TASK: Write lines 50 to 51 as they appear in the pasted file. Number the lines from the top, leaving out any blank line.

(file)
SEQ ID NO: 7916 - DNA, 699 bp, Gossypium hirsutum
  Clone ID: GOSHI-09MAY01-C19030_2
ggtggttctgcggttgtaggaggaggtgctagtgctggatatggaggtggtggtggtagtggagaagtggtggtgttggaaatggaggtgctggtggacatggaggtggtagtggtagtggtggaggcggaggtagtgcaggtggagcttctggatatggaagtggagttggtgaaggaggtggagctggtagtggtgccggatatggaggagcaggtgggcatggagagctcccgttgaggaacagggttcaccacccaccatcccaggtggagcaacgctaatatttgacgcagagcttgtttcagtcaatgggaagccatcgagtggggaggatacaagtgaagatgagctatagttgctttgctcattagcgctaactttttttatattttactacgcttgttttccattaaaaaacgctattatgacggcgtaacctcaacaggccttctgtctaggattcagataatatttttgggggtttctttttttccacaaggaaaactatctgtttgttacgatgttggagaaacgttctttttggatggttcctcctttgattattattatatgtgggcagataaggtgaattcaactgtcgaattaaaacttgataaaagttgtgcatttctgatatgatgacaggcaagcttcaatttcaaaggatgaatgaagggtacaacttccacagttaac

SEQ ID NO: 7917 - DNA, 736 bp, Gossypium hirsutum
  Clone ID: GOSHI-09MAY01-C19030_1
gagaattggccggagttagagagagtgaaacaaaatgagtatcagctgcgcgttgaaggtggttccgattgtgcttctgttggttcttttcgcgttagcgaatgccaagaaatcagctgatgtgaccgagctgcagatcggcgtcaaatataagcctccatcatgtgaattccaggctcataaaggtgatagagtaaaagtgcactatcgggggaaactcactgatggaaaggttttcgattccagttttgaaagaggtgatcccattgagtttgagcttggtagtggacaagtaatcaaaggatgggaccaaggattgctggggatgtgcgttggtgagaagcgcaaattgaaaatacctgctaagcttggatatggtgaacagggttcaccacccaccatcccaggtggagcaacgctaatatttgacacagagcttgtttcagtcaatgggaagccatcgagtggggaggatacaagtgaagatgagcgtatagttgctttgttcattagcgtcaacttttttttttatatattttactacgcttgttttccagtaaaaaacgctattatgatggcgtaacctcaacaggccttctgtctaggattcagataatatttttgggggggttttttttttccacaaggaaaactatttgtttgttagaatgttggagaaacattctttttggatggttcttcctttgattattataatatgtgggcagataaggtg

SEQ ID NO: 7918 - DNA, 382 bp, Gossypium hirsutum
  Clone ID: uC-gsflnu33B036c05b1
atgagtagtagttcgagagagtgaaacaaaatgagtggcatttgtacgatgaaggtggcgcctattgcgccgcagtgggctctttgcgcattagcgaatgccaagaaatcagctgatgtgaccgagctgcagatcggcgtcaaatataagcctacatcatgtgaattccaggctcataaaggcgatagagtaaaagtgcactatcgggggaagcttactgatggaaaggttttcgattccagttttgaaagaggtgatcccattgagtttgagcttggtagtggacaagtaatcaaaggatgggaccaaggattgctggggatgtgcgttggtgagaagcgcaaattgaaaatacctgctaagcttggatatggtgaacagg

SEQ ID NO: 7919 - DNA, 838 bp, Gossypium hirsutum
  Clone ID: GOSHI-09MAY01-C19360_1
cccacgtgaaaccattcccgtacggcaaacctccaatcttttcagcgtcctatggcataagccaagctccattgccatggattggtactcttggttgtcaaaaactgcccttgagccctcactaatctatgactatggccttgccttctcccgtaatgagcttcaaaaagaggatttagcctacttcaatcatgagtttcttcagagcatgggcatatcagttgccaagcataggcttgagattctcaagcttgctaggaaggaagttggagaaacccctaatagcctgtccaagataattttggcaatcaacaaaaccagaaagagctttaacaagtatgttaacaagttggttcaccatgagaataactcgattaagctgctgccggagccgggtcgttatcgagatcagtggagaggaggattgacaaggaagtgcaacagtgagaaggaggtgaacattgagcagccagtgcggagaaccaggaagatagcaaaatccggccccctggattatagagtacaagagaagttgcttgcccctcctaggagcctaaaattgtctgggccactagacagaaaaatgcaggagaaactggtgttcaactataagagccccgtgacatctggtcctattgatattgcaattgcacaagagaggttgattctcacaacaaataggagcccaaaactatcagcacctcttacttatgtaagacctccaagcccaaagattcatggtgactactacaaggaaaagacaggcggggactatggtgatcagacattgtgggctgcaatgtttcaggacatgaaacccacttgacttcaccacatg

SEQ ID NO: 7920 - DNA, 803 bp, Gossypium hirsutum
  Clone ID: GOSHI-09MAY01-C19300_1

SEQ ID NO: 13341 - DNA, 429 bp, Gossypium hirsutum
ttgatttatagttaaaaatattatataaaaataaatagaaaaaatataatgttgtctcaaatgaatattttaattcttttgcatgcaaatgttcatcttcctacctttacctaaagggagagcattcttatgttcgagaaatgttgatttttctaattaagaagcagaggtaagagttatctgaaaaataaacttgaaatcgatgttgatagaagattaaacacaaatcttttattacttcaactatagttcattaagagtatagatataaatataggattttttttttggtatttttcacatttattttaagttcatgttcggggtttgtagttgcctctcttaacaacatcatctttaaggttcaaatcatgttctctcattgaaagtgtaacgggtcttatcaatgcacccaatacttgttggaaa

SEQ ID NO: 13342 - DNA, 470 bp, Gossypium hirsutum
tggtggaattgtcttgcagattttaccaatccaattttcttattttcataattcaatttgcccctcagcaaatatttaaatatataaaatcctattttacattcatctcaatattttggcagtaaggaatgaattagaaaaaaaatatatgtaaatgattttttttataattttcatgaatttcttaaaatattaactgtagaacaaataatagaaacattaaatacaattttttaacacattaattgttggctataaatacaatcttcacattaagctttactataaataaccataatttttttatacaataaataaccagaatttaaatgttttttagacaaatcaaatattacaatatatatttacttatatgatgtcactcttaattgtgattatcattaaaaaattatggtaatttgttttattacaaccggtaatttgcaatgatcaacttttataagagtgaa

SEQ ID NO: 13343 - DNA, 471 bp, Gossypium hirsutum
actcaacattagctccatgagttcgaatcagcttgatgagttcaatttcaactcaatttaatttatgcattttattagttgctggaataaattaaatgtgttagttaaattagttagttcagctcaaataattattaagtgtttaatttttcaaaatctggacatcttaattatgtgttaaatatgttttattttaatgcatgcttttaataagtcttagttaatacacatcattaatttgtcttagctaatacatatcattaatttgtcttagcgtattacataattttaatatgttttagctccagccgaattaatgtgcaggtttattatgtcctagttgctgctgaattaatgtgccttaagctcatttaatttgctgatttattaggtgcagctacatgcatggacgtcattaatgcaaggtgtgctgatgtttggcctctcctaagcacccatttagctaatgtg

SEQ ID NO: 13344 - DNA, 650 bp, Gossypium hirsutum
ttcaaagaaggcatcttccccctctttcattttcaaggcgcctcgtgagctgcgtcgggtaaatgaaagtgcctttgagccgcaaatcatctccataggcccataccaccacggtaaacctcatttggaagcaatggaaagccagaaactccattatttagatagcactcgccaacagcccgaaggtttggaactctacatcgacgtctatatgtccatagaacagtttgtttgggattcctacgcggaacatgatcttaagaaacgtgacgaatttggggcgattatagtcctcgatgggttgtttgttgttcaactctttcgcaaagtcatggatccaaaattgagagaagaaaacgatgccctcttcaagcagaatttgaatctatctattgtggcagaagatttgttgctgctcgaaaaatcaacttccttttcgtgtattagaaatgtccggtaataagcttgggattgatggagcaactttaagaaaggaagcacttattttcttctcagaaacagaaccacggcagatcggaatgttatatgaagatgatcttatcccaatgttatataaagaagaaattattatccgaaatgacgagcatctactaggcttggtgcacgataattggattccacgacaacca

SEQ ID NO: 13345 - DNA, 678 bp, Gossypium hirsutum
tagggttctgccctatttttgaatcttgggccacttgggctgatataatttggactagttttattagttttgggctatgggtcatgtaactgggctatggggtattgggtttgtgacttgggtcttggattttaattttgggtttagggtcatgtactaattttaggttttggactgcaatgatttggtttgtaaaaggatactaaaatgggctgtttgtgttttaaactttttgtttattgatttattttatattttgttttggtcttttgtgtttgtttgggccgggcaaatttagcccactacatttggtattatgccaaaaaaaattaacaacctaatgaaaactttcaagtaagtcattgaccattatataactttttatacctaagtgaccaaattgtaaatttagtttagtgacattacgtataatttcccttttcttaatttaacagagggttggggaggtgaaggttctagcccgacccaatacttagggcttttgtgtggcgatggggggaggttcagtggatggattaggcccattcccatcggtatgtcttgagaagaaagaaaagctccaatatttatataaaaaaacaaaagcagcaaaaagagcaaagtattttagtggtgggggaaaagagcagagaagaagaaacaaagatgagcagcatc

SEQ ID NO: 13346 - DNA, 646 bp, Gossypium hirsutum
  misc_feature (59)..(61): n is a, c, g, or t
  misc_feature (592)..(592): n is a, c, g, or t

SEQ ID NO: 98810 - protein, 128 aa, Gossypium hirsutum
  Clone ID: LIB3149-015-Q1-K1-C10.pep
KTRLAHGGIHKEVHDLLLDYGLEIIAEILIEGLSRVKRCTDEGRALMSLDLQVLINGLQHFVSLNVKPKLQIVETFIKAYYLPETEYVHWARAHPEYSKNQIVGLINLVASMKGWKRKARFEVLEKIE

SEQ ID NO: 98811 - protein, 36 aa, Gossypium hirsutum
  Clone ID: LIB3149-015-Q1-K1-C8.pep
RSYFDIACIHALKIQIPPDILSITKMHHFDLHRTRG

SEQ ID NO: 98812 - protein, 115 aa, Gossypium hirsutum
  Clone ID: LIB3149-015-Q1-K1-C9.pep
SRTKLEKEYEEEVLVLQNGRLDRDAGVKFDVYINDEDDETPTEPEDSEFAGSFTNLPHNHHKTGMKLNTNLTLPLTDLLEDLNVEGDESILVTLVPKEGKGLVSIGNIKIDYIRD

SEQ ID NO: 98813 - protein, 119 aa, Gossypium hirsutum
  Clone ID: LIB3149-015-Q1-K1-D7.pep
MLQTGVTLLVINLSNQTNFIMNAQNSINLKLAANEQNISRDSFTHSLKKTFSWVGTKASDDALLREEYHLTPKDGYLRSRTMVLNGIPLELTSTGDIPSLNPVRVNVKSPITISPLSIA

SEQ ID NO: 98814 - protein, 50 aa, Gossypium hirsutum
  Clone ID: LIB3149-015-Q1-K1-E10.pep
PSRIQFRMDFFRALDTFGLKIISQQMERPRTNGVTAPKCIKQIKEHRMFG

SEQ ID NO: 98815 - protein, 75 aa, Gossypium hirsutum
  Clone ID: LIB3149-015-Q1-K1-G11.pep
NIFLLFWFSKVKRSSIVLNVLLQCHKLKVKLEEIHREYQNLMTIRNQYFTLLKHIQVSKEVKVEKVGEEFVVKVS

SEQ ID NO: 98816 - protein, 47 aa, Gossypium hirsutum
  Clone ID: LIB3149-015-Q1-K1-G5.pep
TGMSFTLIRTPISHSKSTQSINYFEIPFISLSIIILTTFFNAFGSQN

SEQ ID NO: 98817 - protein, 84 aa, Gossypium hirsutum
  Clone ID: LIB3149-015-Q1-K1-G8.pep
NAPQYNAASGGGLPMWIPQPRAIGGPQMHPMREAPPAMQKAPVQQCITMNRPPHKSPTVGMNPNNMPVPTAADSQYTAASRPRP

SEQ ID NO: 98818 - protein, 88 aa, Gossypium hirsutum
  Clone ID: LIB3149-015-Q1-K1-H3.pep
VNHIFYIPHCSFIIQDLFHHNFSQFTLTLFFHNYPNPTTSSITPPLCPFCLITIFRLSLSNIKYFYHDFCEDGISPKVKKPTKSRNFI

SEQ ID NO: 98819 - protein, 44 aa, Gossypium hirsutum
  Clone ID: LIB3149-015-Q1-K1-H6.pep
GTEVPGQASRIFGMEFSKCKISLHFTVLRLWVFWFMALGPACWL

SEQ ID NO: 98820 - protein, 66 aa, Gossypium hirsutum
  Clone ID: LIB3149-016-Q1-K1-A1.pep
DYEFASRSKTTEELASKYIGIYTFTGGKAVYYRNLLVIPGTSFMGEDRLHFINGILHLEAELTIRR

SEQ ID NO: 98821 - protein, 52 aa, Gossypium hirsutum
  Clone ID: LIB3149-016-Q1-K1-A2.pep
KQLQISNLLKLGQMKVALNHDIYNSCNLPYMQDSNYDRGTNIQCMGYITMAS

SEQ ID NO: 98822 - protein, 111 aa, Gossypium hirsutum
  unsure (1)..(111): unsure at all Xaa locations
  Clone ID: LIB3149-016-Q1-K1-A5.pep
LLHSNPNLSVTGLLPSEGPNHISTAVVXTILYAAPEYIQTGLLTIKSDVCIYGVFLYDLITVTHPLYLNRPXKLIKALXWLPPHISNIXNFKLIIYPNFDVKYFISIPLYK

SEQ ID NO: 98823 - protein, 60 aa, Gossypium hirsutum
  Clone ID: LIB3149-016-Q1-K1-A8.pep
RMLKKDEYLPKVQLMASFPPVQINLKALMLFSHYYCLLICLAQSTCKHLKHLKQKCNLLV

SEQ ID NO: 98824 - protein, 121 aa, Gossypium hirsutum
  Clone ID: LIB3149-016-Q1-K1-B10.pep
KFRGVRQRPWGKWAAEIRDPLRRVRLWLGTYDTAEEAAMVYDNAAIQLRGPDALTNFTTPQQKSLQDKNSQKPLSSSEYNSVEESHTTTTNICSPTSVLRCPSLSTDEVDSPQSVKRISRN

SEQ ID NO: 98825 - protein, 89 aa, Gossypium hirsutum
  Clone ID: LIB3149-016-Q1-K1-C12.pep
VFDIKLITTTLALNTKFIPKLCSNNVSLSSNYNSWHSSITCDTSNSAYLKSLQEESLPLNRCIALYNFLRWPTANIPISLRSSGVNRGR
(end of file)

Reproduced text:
  Clone ID: LIB3149-015-Q1-K1-G8.pep
NAPQYNAASGGGLPMWIPQPRAIGGPQMHPMREAPPAMQKAPVQQCITMNRPPHKSPTVGMNPNNMPVPTAADSQYTAASRPRP